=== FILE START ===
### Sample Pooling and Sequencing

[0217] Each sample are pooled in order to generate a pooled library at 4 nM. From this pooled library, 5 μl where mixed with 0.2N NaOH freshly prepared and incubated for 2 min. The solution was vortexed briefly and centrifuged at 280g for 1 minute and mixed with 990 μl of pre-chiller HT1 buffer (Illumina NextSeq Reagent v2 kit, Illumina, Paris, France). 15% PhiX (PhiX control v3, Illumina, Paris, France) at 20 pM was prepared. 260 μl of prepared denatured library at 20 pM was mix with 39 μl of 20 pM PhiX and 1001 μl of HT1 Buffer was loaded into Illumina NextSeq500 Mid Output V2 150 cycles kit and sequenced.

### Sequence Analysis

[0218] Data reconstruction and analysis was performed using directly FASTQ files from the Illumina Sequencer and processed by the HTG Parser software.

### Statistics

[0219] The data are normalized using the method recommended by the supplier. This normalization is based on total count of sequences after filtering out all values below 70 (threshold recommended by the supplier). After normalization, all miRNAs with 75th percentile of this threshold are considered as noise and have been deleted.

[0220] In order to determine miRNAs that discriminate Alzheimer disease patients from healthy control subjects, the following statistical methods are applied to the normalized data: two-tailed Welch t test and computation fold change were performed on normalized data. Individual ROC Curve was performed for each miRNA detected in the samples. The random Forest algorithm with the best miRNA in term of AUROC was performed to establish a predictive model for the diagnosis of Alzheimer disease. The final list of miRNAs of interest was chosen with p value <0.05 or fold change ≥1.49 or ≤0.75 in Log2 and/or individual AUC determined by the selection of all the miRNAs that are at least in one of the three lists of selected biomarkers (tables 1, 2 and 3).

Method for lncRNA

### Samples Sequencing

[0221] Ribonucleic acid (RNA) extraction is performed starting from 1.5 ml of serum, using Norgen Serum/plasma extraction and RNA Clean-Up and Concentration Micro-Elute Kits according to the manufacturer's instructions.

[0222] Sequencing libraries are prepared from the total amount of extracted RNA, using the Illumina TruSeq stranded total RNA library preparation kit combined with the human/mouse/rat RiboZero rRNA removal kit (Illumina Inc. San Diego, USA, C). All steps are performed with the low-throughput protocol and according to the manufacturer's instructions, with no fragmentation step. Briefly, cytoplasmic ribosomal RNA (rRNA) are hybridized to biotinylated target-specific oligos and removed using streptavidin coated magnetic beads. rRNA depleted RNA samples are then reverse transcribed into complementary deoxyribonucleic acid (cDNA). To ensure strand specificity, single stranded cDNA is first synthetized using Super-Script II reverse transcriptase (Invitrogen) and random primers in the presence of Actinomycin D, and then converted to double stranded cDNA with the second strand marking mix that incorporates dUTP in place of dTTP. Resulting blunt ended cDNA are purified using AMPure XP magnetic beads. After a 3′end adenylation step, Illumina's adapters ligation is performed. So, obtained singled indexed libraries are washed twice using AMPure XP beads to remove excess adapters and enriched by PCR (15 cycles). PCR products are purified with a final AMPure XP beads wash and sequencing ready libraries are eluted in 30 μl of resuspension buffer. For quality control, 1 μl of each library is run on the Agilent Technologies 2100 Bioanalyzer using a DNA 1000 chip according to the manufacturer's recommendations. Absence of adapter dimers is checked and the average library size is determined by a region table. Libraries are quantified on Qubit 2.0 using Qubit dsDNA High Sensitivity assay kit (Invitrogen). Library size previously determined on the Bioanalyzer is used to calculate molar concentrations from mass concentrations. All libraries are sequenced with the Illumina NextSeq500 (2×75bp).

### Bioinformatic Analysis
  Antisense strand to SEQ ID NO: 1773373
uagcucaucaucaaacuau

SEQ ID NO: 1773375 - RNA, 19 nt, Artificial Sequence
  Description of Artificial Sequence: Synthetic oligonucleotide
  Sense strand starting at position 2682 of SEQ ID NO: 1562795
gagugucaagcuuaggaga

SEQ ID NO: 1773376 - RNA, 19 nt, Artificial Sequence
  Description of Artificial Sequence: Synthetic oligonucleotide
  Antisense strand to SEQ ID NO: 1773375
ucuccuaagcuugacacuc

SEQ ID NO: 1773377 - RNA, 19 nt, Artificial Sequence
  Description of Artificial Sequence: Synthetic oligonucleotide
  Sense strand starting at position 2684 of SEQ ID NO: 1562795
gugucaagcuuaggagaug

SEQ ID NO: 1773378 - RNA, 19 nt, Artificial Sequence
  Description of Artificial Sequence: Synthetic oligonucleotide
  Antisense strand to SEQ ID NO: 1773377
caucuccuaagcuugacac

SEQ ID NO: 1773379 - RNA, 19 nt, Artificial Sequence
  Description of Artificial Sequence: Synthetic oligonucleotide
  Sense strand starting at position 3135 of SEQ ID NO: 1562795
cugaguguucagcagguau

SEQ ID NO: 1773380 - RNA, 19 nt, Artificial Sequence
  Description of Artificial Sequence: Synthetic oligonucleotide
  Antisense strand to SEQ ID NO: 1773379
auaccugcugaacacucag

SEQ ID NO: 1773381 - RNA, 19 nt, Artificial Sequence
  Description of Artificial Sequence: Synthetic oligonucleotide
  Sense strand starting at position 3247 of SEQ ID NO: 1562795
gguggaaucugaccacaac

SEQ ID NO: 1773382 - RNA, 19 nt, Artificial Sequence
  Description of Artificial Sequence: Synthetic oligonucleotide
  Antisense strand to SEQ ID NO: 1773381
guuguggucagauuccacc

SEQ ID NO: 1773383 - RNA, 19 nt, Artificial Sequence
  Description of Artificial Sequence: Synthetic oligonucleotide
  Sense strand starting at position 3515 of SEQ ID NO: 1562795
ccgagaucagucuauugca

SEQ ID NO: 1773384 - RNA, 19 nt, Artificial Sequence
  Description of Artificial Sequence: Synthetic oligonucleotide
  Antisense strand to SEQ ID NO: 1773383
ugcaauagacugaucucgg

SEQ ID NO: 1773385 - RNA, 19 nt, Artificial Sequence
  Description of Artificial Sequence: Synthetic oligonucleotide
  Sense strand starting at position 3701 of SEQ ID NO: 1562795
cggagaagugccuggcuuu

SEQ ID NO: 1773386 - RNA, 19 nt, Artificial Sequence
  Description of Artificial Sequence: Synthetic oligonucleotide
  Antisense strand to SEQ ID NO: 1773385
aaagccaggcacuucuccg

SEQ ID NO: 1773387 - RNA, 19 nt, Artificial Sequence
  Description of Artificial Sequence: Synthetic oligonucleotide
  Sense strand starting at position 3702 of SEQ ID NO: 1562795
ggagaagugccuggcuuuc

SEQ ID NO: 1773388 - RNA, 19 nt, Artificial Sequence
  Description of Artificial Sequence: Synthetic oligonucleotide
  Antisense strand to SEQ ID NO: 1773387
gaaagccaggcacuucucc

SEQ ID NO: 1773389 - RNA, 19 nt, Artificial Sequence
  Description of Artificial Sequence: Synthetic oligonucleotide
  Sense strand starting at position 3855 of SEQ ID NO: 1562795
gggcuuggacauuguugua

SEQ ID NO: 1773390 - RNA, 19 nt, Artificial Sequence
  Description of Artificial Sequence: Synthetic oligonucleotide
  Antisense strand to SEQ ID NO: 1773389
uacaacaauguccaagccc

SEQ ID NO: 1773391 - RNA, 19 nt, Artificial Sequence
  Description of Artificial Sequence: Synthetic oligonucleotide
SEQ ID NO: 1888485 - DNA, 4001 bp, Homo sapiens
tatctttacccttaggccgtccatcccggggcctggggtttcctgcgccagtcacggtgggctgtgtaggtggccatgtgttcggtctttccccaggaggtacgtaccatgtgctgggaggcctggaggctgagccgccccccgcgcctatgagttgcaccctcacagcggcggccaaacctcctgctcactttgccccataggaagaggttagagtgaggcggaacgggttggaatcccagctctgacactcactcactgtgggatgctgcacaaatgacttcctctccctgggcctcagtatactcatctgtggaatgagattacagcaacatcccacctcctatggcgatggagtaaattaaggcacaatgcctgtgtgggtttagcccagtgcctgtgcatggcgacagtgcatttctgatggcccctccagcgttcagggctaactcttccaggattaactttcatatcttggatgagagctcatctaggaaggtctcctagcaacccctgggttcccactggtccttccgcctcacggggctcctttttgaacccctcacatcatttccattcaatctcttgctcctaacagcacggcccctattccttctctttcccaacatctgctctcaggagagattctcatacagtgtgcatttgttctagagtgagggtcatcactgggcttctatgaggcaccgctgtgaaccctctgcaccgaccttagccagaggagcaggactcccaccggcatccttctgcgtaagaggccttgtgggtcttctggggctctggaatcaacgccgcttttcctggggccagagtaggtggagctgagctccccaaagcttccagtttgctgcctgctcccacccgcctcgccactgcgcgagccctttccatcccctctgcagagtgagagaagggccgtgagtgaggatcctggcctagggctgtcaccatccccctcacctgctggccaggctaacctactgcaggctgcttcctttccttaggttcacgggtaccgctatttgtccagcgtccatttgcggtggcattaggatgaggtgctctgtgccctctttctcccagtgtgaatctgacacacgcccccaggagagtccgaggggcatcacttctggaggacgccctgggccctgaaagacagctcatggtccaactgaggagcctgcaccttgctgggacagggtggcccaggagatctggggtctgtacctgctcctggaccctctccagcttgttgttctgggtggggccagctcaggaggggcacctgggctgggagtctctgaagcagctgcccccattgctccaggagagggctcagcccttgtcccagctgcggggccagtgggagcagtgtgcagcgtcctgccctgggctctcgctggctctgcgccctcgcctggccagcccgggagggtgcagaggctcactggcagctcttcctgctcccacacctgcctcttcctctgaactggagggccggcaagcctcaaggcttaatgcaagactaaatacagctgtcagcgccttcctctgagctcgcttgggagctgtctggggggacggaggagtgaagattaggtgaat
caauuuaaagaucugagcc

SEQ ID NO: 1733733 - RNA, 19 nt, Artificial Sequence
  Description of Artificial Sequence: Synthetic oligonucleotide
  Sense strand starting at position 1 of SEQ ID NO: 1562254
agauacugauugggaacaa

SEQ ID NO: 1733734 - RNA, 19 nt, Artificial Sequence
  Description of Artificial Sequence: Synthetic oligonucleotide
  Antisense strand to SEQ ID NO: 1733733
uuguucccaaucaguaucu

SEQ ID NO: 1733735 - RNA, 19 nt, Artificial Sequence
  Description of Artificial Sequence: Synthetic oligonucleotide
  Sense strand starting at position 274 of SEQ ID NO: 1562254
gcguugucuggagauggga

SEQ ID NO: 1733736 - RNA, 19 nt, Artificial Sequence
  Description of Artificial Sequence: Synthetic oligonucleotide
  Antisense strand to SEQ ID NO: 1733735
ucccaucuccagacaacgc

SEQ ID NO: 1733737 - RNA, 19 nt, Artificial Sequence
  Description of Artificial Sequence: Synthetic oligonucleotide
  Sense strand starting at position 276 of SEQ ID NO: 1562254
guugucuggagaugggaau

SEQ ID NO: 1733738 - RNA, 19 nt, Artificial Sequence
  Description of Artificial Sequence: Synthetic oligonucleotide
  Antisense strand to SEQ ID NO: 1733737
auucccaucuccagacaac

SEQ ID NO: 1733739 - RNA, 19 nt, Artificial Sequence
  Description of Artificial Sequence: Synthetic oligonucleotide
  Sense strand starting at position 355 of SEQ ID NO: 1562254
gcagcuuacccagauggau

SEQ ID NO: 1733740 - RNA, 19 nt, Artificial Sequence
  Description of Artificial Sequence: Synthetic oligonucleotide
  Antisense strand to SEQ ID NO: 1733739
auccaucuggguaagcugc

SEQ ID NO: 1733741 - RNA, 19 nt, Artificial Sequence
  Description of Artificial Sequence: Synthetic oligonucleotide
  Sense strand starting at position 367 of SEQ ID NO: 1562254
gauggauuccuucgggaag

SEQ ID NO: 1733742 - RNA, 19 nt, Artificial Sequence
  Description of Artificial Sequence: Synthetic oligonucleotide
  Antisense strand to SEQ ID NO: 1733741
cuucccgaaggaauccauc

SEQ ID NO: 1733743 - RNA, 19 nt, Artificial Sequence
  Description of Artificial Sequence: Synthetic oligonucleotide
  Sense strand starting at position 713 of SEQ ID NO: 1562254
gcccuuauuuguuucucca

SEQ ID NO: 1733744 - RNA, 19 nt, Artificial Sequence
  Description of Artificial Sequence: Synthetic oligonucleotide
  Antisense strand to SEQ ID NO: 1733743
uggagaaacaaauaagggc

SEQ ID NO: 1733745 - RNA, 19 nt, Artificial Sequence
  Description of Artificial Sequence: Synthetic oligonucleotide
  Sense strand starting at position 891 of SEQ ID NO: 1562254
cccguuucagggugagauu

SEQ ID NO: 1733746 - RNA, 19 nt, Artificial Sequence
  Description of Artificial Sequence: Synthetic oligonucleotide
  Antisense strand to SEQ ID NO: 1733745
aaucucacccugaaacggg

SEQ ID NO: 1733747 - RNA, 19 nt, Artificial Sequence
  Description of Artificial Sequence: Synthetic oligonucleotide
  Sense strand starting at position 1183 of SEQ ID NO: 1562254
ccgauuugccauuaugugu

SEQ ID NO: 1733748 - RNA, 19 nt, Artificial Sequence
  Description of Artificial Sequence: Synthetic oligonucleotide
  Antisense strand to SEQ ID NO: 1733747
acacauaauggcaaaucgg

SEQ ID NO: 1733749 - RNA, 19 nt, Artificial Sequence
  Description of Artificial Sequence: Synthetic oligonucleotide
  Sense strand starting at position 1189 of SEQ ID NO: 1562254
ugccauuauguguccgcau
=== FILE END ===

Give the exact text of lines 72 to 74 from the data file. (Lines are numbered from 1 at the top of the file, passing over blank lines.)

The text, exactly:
  Description of Artificial Sequence: Synthetic oligonucleotide
  Sense strand starting at position 3855 of SEQ ID NO: 1562795
gggcuuggacauuguugua